Premises liability cases are cases involving injuries that occur on premises such as homes, outdoor areas, grocery stores or other venues such as apartment buildings, theaters, workplaces or hotels.
The law may be different with regard to where the specific incident took place. In some cases, you may need to show that the landowner was aware of other incidences that took place similar to the incident that gave rise to your injury.
In cases occurring in parking lots, a lawyer may be required to show that the crack or deviation is a substantial deviation such as showing the deviation or crack is more than two inches. In certain cases you may need to show that the landowner was aware of the defect or that the defect existed for such a long period of time that the owner should have known of the defect. Although the evidence may not show the exact time length of how long the defect existed you may be able to show with or without expert testimony that the crack or defect by its appearance existed for a long period of time. Premises liability may include a roof collapse, slipping on ice that has formed due to an unnatural accumulation of water from leaking pipes or unsafe curbs or entries into a building.
In a case I handled along with other attorneys a fire occurred at the Paxton Hotel in Chicago many years ago. The fire injured many and killed several occupants at the hotel. My client worked at the hotel and lived at the hotel. When the fire broke out, the testimony of the witnesses showed that the smoke alarms were not functioning, the fire doors were left open and other acts of negligence. My client testified that the hotel owners and staff were aware of these dangerous conditions and did nothing about it. The fact that the owner and employees were aware of these dangerous conditions and did nothing about it lead to a settlement of compensatory damages and punitive damages. In certain cases including premises cases, if there is shown to be reckless conduct, a lawyer can ask a jury if the Judge allows, to award punitive damages. Many people are familiar with the McDonald's hot coffee burn case which was an extremely high award. People are unaware that the damages in the McDonald's case included both punitive damages and compensatory damages.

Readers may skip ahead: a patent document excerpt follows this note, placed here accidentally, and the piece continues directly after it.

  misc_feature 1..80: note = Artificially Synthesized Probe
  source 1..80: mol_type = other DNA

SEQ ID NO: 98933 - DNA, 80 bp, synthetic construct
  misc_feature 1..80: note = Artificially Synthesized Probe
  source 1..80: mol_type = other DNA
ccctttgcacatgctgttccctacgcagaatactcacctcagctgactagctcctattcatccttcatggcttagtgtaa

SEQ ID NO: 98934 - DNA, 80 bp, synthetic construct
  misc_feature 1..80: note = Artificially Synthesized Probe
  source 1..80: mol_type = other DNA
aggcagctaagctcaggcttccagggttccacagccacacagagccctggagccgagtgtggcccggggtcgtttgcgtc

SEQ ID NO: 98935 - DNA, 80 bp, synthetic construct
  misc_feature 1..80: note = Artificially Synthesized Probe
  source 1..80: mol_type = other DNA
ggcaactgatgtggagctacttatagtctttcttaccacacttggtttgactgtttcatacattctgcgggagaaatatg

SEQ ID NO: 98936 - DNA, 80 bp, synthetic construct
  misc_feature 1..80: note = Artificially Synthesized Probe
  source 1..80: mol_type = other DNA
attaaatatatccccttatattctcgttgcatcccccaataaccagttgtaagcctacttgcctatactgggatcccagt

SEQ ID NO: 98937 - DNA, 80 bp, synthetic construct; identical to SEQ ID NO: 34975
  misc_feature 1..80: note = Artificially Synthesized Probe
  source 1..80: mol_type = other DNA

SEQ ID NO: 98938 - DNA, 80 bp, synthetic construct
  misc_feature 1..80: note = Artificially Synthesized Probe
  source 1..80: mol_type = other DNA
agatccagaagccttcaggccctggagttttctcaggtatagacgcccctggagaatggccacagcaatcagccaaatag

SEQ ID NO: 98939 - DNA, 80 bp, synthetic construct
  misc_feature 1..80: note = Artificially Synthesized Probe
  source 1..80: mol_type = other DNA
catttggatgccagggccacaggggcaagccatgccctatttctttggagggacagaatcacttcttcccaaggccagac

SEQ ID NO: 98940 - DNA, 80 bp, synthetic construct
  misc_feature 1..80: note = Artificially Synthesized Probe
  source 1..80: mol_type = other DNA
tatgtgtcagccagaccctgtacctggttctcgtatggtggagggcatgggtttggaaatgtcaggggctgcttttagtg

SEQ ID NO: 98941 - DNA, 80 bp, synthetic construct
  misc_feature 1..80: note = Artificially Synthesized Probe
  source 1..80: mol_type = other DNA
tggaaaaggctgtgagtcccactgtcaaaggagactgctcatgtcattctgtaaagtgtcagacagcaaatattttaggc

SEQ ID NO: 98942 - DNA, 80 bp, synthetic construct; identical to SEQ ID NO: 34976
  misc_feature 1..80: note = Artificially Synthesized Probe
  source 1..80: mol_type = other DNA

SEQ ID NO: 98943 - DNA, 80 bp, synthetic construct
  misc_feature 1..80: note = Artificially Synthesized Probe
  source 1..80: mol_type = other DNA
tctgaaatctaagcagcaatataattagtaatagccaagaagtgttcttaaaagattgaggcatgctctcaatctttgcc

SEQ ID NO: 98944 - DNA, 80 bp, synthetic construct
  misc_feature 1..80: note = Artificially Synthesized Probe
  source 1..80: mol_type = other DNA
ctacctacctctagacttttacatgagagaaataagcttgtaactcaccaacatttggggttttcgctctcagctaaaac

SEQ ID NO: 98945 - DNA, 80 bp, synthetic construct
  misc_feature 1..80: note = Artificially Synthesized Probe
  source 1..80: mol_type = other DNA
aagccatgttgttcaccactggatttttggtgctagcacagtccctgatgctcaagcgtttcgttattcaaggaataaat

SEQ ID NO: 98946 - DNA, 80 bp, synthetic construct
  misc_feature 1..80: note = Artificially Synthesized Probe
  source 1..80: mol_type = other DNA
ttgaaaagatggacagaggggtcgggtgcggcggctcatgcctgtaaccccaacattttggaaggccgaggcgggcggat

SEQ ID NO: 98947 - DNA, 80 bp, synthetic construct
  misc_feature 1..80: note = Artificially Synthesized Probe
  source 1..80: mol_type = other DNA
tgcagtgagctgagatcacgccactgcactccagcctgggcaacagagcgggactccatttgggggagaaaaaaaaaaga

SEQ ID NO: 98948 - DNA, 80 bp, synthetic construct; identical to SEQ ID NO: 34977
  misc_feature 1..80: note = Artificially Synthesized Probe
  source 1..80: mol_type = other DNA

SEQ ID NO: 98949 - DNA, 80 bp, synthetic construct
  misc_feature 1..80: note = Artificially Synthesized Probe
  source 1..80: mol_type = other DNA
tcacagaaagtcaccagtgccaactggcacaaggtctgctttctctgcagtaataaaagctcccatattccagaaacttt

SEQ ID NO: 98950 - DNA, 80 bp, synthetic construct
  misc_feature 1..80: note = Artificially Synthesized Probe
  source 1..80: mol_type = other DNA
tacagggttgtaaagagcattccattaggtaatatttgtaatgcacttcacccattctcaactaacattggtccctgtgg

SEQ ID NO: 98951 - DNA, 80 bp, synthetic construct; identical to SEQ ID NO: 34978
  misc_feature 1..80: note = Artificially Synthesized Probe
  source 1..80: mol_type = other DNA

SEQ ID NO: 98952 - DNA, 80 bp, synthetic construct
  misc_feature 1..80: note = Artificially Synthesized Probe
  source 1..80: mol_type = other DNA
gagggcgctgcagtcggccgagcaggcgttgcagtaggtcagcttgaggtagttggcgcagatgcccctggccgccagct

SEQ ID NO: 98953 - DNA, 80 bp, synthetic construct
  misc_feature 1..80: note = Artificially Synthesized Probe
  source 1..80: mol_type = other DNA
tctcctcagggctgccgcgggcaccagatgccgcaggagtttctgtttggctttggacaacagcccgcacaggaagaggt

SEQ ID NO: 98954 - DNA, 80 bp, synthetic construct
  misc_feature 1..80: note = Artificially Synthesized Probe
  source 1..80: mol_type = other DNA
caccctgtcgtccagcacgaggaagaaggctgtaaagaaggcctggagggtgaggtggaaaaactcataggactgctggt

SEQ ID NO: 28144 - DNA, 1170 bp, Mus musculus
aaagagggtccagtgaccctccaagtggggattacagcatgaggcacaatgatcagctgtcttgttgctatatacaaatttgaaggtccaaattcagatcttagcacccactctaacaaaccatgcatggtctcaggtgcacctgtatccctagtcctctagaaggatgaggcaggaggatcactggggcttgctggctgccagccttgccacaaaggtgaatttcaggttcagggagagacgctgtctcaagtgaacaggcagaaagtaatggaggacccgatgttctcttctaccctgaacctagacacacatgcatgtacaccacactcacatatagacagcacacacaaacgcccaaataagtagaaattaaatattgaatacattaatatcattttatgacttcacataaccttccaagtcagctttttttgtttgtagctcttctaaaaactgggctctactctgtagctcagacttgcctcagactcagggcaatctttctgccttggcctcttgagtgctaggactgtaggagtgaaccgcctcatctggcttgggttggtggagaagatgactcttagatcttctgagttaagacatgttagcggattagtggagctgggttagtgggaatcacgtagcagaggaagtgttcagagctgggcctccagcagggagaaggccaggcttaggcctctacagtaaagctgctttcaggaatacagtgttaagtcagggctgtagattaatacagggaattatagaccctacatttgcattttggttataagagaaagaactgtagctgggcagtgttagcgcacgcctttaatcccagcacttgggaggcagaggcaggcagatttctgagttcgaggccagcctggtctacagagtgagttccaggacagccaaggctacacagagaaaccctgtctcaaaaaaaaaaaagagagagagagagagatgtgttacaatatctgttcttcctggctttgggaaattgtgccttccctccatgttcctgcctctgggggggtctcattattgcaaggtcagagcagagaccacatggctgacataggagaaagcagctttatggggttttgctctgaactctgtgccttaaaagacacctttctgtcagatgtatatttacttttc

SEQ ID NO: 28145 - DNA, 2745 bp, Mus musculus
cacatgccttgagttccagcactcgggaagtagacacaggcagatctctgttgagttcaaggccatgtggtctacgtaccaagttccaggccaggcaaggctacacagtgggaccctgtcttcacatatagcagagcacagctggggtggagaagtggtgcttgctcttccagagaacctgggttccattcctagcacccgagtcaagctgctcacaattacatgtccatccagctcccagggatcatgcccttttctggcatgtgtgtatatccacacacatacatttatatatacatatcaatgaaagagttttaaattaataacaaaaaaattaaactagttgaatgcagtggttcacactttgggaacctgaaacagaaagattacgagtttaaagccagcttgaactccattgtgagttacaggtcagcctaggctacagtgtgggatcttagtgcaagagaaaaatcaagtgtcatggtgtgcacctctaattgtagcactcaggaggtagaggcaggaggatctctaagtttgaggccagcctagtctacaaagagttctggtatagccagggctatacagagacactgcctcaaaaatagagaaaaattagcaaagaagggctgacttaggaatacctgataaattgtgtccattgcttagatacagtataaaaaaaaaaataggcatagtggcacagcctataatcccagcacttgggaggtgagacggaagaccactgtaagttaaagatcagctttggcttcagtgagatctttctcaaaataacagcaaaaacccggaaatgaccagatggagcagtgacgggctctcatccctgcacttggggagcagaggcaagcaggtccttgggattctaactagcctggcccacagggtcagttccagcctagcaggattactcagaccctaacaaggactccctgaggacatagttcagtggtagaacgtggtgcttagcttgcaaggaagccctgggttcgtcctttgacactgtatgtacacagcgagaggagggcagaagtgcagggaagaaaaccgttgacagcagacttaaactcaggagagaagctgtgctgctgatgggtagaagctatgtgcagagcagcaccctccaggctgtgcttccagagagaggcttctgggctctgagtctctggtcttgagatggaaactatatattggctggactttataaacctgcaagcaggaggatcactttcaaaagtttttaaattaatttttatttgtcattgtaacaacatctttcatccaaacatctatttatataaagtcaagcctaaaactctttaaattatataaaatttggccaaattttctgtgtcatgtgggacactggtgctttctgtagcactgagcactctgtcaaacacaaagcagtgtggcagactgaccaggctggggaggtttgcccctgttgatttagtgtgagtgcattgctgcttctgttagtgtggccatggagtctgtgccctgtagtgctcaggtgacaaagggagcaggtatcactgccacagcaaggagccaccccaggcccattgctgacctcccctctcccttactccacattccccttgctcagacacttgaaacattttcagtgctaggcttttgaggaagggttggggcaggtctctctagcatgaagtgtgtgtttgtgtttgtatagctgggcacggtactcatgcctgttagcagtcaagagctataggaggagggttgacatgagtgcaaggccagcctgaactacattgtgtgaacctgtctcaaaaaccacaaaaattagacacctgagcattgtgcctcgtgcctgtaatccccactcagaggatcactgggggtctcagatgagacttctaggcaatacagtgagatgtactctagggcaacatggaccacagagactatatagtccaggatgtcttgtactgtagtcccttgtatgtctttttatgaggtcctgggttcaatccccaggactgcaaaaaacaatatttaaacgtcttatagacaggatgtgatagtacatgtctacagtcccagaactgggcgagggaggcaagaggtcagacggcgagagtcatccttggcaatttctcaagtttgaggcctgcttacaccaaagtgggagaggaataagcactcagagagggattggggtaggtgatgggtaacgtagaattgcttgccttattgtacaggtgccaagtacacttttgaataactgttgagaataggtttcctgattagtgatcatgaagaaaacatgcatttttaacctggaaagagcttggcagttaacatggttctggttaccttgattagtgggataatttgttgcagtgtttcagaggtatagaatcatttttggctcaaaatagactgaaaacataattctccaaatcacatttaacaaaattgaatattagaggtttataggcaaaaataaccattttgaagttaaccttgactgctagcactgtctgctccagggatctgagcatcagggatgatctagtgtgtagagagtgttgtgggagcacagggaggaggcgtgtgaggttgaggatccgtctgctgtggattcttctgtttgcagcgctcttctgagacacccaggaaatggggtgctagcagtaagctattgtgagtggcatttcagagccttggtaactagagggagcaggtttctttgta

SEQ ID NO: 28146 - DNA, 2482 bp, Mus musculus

Many cases involve injuries in apartment building staircases. I have alleged in various cases that the lighting in the staircase was inadequate or the railing was inadequate or the rise of the stairs was against code requirements. The City of Chicago has specific building codes as to stairs and railings and I have cited the code violations as evidence of negligence which led to causing my clients injuries. It is important to note code requirements when dealing with injuries on premises and often times expert testimony may be needed to tie up an injury to a code violation. Therefore, the lawyer you choose to represent you should be aware of the premises laws because EXPERIENCE MATTERS!.